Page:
and potentially their best player, the Pacers are seeing things decidedly not go their way.

👎 Not so honorable mentions

🏒 Connor McDavid lifts Oilers in double overtime

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Minutes after missing a game-winning chance, Connor McDavid wasn’t about to let history repeat itself. The Oilers‘ superstar redirected an Evan Bouchard pass past Jake Oettinger just 32 seconds into the second overtime to give Edmonton a 3-2 Game 1 win over the Stars

McDavid endured a rough first overtime. Early, he committed a double-minor penalty, which the visitors survived. Late in the period, he appeared to have an open net but was denied by a heroic effort from Oettinger and Chris Tanev.

In fitting form, McDavid not only redeemed himself but snapped a five-game goalless streak. Austin Nivison has more.

  • Nivison: “Things looked awfully shaky for Edmonton early in the first overtime period. McDavid got called for a double-minor for high-sticking Matt Duchene, and the Stars were buzzing. However, the Oilers’ red-hot penalty kill and goaltender Stuart Skinner were able to weather that storm and stay alive.”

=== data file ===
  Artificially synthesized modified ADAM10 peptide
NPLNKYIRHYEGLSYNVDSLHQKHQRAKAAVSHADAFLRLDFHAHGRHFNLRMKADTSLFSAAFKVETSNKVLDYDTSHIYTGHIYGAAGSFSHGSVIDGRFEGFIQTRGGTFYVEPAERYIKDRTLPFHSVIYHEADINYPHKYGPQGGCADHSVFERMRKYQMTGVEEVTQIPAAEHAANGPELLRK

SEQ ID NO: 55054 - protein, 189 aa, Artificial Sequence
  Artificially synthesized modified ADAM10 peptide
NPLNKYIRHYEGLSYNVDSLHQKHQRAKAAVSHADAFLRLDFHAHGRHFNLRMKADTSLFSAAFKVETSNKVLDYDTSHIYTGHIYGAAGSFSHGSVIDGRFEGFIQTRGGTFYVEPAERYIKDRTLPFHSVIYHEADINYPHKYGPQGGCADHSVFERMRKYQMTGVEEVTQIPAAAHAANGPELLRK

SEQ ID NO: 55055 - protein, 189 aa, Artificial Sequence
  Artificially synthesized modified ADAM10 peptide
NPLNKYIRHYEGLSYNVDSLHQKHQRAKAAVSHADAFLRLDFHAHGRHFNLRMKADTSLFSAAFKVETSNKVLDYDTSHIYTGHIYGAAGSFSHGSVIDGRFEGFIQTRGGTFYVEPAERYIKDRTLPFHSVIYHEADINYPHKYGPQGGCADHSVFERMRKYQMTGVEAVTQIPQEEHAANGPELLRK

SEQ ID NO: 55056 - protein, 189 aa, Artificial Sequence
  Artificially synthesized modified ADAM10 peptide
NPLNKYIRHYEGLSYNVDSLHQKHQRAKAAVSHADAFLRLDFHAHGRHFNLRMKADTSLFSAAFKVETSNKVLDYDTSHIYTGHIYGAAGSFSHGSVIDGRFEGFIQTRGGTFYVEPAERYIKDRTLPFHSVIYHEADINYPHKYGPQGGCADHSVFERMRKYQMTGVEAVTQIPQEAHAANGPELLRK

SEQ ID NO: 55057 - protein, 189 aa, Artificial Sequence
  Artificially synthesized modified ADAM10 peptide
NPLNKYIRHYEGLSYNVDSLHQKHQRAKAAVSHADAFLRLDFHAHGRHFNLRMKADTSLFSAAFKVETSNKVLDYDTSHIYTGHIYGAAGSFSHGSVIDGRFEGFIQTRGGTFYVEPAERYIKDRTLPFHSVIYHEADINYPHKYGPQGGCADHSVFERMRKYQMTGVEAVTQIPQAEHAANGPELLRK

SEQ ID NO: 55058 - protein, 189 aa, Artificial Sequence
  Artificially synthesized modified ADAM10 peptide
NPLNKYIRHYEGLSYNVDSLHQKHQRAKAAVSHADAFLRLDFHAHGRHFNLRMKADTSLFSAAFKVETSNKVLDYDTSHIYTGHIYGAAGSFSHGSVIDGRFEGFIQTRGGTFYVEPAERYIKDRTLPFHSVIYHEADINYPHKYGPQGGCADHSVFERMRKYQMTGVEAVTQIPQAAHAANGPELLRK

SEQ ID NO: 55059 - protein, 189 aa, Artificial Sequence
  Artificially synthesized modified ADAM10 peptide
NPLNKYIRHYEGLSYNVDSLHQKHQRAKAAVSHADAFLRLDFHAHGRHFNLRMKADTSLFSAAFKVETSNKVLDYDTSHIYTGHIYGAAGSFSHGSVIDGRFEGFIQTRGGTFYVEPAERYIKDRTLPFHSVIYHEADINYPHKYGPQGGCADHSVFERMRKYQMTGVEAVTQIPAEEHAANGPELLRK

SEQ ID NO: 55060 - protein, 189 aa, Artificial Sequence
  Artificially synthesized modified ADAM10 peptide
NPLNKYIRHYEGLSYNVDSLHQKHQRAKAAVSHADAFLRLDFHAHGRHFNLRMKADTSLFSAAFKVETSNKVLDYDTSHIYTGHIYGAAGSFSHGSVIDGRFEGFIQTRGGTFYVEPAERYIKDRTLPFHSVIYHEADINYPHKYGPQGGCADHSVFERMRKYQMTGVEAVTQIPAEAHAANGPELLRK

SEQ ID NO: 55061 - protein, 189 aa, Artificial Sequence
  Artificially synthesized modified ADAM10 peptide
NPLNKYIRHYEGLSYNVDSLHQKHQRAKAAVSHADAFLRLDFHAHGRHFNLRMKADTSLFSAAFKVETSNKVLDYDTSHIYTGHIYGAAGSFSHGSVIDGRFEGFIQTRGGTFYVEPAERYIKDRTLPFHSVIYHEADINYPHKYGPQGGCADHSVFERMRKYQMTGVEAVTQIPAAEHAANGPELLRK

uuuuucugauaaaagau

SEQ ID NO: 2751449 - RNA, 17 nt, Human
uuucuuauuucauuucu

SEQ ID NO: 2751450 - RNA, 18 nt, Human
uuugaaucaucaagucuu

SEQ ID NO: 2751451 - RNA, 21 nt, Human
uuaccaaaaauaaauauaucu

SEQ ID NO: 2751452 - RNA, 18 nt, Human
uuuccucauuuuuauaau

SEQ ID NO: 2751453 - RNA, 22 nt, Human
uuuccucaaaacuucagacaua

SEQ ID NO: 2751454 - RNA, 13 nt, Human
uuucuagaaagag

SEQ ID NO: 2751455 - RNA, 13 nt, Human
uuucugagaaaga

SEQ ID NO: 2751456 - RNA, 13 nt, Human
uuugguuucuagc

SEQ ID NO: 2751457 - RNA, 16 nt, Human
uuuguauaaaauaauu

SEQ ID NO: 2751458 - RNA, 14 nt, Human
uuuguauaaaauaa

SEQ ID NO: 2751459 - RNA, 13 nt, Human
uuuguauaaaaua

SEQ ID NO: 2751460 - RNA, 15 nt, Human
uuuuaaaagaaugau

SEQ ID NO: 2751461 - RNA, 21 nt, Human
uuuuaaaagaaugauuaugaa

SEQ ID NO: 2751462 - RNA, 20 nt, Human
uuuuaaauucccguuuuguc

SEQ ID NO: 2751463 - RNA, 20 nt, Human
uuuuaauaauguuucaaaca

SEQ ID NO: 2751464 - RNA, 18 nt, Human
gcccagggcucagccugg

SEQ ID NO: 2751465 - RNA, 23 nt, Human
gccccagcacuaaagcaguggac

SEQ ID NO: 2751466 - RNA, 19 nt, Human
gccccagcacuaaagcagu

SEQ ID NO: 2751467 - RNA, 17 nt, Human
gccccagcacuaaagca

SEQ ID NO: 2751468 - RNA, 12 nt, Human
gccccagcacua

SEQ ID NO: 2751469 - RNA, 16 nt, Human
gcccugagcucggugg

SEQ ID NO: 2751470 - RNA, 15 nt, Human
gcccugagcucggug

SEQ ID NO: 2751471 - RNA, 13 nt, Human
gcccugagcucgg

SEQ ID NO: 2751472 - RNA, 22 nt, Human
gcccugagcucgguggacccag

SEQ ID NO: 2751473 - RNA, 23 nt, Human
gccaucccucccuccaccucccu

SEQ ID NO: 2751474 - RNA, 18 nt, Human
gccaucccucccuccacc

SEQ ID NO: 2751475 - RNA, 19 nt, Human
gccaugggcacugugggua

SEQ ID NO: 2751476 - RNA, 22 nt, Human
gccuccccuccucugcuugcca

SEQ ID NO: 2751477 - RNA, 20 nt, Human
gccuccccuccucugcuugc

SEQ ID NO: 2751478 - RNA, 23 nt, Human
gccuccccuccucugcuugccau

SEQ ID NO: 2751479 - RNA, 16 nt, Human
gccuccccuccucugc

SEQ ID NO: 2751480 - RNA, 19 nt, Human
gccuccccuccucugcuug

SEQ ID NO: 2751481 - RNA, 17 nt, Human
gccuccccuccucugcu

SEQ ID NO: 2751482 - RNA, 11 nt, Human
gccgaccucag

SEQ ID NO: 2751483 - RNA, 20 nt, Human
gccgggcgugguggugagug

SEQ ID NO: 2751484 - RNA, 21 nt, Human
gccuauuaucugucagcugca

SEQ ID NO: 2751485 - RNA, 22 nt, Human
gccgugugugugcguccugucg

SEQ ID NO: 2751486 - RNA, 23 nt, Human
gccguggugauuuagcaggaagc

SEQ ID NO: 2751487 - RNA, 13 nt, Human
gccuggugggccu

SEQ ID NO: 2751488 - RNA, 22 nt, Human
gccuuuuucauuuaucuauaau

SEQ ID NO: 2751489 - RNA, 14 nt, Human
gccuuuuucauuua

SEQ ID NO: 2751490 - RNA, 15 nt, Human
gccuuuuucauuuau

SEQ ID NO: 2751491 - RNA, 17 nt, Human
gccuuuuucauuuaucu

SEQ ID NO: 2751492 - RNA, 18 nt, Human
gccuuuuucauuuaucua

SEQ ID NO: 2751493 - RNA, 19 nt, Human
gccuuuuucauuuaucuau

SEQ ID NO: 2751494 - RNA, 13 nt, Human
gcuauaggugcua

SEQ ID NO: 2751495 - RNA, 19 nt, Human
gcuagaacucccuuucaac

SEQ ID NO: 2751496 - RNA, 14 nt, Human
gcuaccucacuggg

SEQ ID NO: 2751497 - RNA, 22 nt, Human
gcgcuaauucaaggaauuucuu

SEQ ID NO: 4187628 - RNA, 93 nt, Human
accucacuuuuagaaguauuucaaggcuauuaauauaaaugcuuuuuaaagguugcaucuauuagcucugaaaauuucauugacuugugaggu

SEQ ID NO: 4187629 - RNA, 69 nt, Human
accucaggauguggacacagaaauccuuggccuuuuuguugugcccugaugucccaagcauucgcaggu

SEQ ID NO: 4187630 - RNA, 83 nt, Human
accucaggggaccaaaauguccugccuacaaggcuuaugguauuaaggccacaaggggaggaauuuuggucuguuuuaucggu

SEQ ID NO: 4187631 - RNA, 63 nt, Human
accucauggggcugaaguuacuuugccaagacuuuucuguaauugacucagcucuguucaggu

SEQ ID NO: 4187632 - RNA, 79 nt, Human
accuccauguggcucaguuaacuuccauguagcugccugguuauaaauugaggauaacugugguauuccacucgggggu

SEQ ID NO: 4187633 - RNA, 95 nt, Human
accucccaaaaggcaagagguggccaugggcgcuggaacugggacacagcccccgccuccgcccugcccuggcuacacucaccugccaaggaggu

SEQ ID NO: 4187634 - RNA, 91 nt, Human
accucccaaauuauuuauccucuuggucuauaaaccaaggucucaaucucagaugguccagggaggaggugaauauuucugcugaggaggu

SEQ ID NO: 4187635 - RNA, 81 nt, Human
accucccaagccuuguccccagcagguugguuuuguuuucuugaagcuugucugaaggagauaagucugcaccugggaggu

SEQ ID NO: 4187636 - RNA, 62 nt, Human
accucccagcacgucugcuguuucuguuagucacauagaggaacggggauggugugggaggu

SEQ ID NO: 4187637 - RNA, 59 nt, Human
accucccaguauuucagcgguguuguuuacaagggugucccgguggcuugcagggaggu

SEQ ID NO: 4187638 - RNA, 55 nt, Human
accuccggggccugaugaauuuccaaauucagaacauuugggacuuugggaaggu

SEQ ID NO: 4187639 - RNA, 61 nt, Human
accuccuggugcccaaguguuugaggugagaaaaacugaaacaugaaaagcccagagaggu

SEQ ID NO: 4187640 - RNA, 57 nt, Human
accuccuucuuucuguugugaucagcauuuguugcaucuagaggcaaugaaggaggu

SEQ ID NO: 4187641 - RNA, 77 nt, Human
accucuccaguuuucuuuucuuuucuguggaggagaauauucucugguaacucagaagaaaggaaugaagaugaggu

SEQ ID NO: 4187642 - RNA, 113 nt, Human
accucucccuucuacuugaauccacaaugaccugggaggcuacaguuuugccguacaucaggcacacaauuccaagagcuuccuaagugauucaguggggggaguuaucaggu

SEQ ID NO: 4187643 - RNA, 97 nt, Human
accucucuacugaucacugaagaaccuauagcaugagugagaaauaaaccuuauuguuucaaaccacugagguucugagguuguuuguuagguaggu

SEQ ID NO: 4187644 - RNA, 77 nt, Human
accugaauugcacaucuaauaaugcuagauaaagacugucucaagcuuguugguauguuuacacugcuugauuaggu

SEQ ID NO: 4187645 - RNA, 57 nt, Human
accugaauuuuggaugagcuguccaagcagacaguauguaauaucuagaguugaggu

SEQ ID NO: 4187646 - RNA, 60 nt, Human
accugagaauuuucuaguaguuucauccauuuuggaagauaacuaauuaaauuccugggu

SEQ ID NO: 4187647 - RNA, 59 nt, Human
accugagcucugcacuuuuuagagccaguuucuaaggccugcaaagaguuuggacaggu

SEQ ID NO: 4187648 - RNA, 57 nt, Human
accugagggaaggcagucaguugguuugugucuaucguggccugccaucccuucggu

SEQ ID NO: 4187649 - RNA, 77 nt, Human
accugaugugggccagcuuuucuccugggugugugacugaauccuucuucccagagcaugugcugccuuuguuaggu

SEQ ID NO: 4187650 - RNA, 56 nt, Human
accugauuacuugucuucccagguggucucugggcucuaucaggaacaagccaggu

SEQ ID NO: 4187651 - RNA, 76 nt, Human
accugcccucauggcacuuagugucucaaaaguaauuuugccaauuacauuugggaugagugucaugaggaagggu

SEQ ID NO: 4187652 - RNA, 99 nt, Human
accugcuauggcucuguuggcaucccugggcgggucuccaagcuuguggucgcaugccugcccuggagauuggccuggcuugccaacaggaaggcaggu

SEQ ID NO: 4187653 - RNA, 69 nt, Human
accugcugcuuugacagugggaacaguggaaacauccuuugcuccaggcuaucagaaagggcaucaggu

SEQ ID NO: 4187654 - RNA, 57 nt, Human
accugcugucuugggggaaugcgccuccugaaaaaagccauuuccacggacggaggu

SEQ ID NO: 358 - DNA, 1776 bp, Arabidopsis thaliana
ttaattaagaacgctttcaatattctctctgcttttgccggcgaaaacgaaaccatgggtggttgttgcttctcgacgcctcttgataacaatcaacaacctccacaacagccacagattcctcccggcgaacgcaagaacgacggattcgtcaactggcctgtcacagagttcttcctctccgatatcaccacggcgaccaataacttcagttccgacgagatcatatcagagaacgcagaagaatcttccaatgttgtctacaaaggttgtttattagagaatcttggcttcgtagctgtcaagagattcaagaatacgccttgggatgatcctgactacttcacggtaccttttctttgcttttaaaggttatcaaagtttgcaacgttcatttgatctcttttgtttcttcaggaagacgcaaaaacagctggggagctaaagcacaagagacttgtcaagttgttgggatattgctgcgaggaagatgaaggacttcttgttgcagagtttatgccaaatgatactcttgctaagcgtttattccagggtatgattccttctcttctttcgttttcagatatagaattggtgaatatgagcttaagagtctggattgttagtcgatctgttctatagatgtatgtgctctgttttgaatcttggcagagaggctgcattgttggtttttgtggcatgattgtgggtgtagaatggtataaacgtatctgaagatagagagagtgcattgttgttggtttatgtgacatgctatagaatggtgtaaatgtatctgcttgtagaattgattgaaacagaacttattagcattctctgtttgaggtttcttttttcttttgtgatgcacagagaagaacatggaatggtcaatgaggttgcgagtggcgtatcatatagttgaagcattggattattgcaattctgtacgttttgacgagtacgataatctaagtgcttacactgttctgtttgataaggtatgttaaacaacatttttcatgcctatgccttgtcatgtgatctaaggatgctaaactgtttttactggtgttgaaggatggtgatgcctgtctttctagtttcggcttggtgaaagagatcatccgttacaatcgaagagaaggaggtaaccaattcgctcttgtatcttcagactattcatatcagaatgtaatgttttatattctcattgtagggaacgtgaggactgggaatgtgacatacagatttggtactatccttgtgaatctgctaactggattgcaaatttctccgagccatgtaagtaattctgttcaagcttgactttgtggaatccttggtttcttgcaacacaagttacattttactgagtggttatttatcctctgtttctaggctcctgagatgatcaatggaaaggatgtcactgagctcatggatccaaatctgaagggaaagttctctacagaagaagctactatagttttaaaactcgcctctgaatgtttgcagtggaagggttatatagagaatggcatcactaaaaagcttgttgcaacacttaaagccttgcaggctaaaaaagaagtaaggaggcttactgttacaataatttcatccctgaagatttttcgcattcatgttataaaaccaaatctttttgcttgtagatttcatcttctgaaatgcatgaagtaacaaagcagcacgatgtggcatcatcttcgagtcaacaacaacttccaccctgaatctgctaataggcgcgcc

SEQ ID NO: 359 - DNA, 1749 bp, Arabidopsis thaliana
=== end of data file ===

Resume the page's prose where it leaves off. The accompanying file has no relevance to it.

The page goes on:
Edmonton roared to a two-goal lead early in the second period behind goals from Leon Draisaitl and Zach Hyman, but Tyler Seguin halved the deficit shortly thereafter and tied the game late in the third. It proved to be all for naught for Dallas, though. The Stars will look to even things tomorrow.

🏀 Cavaliers’ coaching candidates after firing J.B. Bickerstaff

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Apparently, earning the franchise’s first playoff series win since LeBron James isn’t good enough: The Cavaliers fired J.B. Bickerstaff on Thursday. He had a 170-159 record and two playoff trips in four-plus seasons in Cleveland.

As we detailed in yesterday afternoon’s newsletter, there was some behind-the-scenes drama that may have contributed to Bickerstaff’s departure — frustration with the offense and practice structure, issues with the front office, etc. — but this is a crucial and potentially league-shaping hiring process for Cleveland.

  • Donovan Mitchell is eligible for a contract extension this offseason. If he doesn’t sign one, he’ll be a free agent next offseason, and Cleveland could explore trading him before he gets there.
  • There could be movement elsewhere, too: Mitchell and fellow offensive-minded guard Darius Garland occupy two backcourt spots, while an Evan Mobley-Jarrett Allen front line is likewise a little too similar. Cleveland desperately needs an added scoring punch after finishing 14th out of 16 teams in playoff offensive rating.
  • The Mitchell-Garland-Allen-Mobley foursome played in just 28 regular-season games together.

So whoever comes in has to be someone Mitchell believes in and someone who has a solution for some redundancy among the team’s best players. Sam Quinn has a list of potential candidates, including …